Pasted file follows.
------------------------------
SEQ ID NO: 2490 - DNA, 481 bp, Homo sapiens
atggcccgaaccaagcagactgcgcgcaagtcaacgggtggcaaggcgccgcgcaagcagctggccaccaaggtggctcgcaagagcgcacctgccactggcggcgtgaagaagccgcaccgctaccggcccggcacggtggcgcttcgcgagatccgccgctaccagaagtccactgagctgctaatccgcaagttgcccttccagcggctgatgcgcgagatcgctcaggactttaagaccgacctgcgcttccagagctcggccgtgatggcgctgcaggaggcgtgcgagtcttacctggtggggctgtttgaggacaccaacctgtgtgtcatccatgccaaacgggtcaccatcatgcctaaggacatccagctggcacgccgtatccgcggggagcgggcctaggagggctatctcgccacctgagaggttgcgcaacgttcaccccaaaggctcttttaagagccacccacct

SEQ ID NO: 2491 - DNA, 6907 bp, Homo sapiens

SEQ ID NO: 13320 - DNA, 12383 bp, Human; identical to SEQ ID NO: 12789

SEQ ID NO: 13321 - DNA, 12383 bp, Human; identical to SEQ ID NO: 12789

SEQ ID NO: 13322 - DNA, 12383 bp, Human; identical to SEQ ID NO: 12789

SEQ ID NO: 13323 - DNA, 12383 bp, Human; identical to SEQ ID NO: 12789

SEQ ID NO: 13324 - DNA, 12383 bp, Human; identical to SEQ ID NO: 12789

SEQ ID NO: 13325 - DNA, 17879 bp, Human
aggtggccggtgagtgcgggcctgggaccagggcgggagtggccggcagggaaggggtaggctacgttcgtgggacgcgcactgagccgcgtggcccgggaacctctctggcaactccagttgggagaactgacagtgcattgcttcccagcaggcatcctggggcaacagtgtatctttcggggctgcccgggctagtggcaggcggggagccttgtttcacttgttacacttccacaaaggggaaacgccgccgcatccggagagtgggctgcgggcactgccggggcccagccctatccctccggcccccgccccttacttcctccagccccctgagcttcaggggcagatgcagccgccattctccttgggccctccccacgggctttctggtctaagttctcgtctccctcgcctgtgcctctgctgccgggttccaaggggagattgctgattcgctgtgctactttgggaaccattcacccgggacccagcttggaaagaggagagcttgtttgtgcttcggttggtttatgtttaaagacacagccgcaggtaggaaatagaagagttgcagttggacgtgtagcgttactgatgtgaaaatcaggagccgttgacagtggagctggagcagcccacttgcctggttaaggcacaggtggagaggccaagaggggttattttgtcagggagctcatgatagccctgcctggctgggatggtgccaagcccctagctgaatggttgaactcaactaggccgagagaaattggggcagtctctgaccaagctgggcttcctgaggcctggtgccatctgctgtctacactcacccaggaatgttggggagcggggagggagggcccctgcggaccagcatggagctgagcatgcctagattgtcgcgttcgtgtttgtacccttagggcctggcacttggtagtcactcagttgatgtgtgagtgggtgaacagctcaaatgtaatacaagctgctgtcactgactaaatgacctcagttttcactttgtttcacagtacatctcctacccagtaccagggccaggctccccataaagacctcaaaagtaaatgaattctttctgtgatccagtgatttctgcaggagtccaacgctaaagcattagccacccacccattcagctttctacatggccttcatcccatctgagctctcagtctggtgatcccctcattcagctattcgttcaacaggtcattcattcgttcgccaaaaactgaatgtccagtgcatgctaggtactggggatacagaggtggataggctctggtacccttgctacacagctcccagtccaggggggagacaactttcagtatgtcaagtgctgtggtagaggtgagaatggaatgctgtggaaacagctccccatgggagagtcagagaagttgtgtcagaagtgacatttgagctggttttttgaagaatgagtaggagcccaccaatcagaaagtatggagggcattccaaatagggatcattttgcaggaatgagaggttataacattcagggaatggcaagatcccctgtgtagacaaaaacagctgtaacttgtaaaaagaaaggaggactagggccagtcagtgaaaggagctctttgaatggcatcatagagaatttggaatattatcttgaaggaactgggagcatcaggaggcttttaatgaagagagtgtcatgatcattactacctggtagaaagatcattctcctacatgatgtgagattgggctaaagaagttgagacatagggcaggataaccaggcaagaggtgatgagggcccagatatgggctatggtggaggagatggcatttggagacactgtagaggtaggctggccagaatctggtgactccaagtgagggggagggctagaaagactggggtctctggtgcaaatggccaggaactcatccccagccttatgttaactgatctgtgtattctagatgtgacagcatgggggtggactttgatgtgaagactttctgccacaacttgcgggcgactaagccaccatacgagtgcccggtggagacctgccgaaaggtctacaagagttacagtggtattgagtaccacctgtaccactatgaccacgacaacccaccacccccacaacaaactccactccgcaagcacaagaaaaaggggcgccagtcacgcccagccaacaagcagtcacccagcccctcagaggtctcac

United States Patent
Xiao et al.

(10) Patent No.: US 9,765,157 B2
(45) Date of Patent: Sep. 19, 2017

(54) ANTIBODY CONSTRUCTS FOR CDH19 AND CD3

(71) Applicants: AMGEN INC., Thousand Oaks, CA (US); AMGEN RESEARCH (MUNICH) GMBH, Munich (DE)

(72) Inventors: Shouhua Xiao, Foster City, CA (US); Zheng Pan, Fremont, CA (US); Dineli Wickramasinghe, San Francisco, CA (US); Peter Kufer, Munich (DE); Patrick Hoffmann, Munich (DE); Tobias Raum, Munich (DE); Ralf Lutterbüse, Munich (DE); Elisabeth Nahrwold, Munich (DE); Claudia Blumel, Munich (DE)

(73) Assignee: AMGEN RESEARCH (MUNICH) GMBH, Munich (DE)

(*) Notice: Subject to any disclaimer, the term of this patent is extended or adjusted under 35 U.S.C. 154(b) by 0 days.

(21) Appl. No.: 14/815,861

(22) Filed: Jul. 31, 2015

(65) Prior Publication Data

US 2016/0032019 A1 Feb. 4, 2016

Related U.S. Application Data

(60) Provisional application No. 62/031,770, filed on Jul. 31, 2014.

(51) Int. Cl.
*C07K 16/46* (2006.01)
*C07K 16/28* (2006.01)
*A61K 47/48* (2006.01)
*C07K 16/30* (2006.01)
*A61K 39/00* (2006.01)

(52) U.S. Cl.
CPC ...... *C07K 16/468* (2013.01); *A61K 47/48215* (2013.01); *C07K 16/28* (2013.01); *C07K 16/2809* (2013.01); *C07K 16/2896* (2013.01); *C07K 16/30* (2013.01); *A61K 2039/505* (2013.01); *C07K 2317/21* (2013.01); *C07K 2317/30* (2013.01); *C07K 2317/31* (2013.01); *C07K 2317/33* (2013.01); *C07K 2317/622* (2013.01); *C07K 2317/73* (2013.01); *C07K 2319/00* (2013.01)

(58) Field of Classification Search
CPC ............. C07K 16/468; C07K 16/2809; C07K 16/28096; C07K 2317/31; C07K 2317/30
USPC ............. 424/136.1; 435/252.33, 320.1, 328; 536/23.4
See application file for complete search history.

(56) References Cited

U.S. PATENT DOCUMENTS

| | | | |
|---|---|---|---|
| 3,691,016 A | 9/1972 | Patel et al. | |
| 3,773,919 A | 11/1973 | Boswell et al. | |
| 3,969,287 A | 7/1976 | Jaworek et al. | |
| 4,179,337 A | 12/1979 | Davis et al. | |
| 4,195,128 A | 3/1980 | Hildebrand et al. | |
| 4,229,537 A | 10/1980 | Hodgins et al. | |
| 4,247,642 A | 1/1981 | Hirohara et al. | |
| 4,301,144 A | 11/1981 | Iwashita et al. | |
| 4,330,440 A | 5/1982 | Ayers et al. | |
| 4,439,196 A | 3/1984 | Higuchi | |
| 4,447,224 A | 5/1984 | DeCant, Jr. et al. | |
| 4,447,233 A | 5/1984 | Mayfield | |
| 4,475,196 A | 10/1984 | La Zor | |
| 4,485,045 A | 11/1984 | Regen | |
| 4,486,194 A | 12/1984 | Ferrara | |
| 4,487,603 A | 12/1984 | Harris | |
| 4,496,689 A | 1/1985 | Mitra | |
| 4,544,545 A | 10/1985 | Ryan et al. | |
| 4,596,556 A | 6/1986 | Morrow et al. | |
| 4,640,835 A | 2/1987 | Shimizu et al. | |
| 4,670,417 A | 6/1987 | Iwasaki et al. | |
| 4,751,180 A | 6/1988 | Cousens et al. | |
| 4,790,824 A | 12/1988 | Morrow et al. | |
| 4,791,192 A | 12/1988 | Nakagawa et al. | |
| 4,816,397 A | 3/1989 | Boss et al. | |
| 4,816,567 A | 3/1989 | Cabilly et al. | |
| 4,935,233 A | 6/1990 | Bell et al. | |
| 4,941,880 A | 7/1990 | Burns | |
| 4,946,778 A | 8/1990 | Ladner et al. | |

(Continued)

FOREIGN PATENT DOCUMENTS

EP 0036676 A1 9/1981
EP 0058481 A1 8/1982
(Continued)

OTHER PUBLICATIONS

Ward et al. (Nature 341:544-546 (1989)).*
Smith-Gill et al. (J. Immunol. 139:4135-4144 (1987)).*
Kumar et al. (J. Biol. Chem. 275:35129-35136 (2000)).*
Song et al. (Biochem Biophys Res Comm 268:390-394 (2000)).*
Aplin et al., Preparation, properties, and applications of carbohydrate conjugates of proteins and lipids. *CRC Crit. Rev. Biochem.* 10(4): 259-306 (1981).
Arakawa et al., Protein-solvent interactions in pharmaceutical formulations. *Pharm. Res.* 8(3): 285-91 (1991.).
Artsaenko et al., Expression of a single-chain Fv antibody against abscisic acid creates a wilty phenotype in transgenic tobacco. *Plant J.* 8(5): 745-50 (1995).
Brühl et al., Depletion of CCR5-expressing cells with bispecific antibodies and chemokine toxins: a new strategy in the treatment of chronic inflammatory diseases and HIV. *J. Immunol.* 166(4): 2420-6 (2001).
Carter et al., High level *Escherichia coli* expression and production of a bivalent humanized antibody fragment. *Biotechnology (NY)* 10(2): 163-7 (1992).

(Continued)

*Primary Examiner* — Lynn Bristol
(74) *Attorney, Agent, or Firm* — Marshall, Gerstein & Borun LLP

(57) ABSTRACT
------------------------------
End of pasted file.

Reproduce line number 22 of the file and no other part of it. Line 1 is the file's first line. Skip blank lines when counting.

(65) Prior Publication Data